RNZ Asia Scholarship: AUT recipients

05 Apr, 2024
RNZ Asia Scholarship: AUT recipients
RNZ Asia scholarship recipients Chengqi (Mavis) Ye (left) and Nabeelah Khan (right).

A new RNZ scholarship programme, established with support from NZ On Air, that aims to reduce the financial burden associated with a postgraduate degree in journalism for students of Asian heritage has its first recipients, with Nabeelah Khan (of Fiji-Indian descent) and Chengqi (Mavis) Ye (of Chinese descent) set to receive up to $8000 for payment of one year’s fees and a two-week internship/work experience at RNZ.

Applicants were asked to complete a short essay detailing the current state of Asian representation in New Zealand media and identify specific ways they can increase and/or improve media contributions about and for Asian communities in New Zealand.

Nabeelah Khan is in the third year of a Bachelor of Communication Studies at Auckland University of Technology, majoring in journalism with minors in screen production and psychology. Khan said rectifying the imbalance of Asian representation in New Zealand media was crucial.

“A key challenge with representing Asian narratives within New Zealand’s mainstream media is the difference in communication styles,” she wrote. “Asian cultures tend to follow a collectivist framework as opposed to the individualistic framework that Westernised cultures are accustomed to.”

The second scholarship recipient, Chengqi (Mavis) Ye, who is completing a Master of Communication Studies at Auckland University of Technology this year and is a contributor to BusinessDesk, working collaboratively on investigations into the exploitation of Chinese workers, said mistrust was an issue with reporting on and for the Chinese community.

“Due to the strict news environment in China, they are not accustomed to seeking help from journalists,” she wrote. “We need more Chinese journalists to listen to Chinese voices, establish connections with them and make them understand the power of the media.”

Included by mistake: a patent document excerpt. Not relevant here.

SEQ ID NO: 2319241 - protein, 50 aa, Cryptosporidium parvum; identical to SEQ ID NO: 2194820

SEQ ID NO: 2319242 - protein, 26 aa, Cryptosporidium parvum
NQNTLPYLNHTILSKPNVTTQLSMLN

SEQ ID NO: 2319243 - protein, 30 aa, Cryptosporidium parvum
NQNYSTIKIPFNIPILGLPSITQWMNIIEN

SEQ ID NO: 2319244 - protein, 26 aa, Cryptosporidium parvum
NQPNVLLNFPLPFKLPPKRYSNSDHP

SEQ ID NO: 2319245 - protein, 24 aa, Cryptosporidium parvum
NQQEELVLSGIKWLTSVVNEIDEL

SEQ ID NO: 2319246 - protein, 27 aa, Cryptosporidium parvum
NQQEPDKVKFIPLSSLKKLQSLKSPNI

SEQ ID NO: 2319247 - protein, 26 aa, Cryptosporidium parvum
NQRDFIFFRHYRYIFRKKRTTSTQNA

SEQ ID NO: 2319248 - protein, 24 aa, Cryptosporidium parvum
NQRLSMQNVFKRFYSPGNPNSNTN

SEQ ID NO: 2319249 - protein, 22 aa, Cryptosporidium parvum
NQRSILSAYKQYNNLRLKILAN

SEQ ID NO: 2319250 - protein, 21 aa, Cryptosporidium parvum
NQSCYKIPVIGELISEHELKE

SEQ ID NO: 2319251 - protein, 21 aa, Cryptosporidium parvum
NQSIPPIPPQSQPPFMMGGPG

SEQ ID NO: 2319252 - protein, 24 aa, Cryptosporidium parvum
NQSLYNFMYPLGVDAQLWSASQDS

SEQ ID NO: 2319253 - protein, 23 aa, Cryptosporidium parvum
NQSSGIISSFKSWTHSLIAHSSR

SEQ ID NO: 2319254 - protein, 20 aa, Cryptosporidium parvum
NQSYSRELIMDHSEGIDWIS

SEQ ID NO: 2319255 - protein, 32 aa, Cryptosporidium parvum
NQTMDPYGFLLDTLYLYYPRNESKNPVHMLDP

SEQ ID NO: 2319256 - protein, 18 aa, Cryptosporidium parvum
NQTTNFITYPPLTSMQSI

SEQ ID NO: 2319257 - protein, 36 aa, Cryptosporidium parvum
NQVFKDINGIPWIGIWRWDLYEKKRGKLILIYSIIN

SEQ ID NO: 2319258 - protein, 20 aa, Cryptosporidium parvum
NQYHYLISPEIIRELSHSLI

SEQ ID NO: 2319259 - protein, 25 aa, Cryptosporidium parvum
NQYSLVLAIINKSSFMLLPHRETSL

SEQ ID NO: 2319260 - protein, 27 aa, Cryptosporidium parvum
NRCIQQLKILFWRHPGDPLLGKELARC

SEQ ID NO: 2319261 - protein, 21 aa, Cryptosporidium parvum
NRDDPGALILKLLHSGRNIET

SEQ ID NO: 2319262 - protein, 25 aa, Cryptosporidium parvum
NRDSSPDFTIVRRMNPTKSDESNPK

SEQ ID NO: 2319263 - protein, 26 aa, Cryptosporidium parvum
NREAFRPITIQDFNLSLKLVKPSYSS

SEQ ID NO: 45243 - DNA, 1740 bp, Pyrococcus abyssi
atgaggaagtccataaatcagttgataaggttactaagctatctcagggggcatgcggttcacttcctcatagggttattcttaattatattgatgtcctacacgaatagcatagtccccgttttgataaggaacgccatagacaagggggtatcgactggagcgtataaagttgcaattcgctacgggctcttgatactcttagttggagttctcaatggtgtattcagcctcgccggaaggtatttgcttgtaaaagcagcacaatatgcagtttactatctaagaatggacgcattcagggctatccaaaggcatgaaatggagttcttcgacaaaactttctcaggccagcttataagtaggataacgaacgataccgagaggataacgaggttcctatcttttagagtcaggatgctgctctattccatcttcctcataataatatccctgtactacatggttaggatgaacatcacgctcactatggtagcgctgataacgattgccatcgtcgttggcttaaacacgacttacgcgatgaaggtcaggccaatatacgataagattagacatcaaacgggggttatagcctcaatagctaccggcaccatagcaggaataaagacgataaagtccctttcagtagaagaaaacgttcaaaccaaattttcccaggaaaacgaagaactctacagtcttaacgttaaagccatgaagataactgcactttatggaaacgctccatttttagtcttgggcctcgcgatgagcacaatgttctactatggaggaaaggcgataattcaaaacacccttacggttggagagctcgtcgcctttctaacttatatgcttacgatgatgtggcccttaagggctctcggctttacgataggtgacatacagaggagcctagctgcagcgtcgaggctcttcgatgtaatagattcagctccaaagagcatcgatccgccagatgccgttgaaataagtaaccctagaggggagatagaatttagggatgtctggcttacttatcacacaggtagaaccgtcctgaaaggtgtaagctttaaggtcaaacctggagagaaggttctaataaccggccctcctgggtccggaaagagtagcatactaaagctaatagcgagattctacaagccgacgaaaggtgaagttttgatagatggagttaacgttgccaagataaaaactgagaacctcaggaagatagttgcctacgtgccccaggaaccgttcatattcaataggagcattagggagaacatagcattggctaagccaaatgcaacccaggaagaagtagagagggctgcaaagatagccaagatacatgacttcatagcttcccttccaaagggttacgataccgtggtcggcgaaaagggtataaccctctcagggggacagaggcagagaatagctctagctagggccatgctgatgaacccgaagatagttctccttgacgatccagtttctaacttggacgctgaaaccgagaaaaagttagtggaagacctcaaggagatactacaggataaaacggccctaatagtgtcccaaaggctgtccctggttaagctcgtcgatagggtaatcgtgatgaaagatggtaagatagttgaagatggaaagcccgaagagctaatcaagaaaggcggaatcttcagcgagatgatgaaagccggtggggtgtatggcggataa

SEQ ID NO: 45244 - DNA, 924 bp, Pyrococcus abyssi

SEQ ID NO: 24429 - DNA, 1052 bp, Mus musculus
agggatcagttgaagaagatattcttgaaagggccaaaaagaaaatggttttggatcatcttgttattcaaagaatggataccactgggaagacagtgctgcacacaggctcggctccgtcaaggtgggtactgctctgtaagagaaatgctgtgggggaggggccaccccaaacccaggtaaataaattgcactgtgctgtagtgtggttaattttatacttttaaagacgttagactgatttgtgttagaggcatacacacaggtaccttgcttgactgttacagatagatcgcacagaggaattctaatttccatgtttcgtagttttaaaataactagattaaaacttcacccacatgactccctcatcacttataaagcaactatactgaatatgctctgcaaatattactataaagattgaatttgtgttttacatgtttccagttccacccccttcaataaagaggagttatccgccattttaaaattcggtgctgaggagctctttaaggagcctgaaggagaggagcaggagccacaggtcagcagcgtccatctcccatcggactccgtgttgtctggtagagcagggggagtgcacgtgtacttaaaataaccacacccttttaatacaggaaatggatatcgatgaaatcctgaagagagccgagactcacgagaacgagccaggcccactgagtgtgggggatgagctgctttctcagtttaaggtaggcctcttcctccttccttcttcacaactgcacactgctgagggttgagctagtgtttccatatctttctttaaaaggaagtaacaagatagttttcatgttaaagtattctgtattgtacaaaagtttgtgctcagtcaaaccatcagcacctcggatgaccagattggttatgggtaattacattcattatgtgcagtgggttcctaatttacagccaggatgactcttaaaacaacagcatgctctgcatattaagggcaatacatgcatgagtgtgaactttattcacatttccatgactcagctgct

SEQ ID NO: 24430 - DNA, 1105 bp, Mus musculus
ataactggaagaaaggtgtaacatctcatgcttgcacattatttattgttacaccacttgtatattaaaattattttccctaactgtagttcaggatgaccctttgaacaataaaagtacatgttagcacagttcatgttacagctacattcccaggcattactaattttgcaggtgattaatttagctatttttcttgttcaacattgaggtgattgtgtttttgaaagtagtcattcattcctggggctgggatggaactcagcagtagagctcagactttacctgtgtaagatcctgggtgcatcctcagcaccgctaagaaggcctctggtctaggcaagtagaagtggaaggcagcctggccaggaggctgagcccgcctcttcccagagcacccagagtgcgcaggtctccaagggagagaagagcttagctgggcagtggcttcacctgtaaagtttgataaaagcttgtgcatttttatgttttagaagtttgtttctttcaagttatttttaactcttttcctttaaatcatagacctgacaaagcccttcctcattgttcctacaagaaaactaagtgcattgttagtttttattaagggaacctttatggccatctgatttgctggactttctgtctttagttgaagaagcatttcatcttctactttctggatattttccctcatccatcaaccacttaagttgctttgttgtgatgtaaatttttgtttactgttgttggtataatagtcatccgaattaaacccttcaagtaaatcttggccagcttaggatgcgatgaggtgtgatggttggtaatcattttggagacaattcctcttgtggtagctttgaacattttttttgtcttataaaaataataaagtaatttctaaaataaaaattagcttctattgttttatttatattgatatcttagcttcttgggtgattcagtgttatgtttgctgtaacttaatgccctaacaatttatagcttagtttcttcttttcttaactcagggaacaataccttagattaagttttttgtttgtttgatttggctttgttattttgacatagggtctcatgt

The scholarship is part of the RNZ Asia service, launched in July 2023 and co-funded with NZ On Air, as part of a new initiative to speak to and report on issues in the growing Asian communities of New Zealand.

Elliott Samuels who heads the RNZ Asia unit said the continued success of these new channels depended on a continual pathway of promising Asian journalists coming into the industry.

“While Asian New Zealanders made up 15 percent of the New Zealand population at the 2018 census, they make up less than 5 percent of New Zealand journalists, suggesting that they are underrepresented in the industry,” he said. “The scholarships aim to remove financial barriers that might deter some in the community who would instead choose to work in other industries.”

NZ On Air says it is pleased to see the scholarship initiative increasing meaningful representation in local news media.

“It’s vital that stories are told by, for and about all audiences in Aotearoa. Genuine representation in our democracy is only achievable when communities have a strong voice in the fourth estate,” said NZ On Air Head of Funding Amie Mills.

Former RNZ News Foreign Editor Graeme Acton now heads the Asia Media Centre, part of the Asia New Zealand Foundation in Wellington. He says the issue of finding and retaining journalists from Asian backgrounds is vital for a strong and diverse news media in this country.

“The Asia Media Centre is right behind this initiative, breaking down the financial issue that has in the past often prevented these students from progressing into post-graduate journalism study," he said.

"We need these voices in our media, now and in the future. This scholarship programme is a vital step in that process.”

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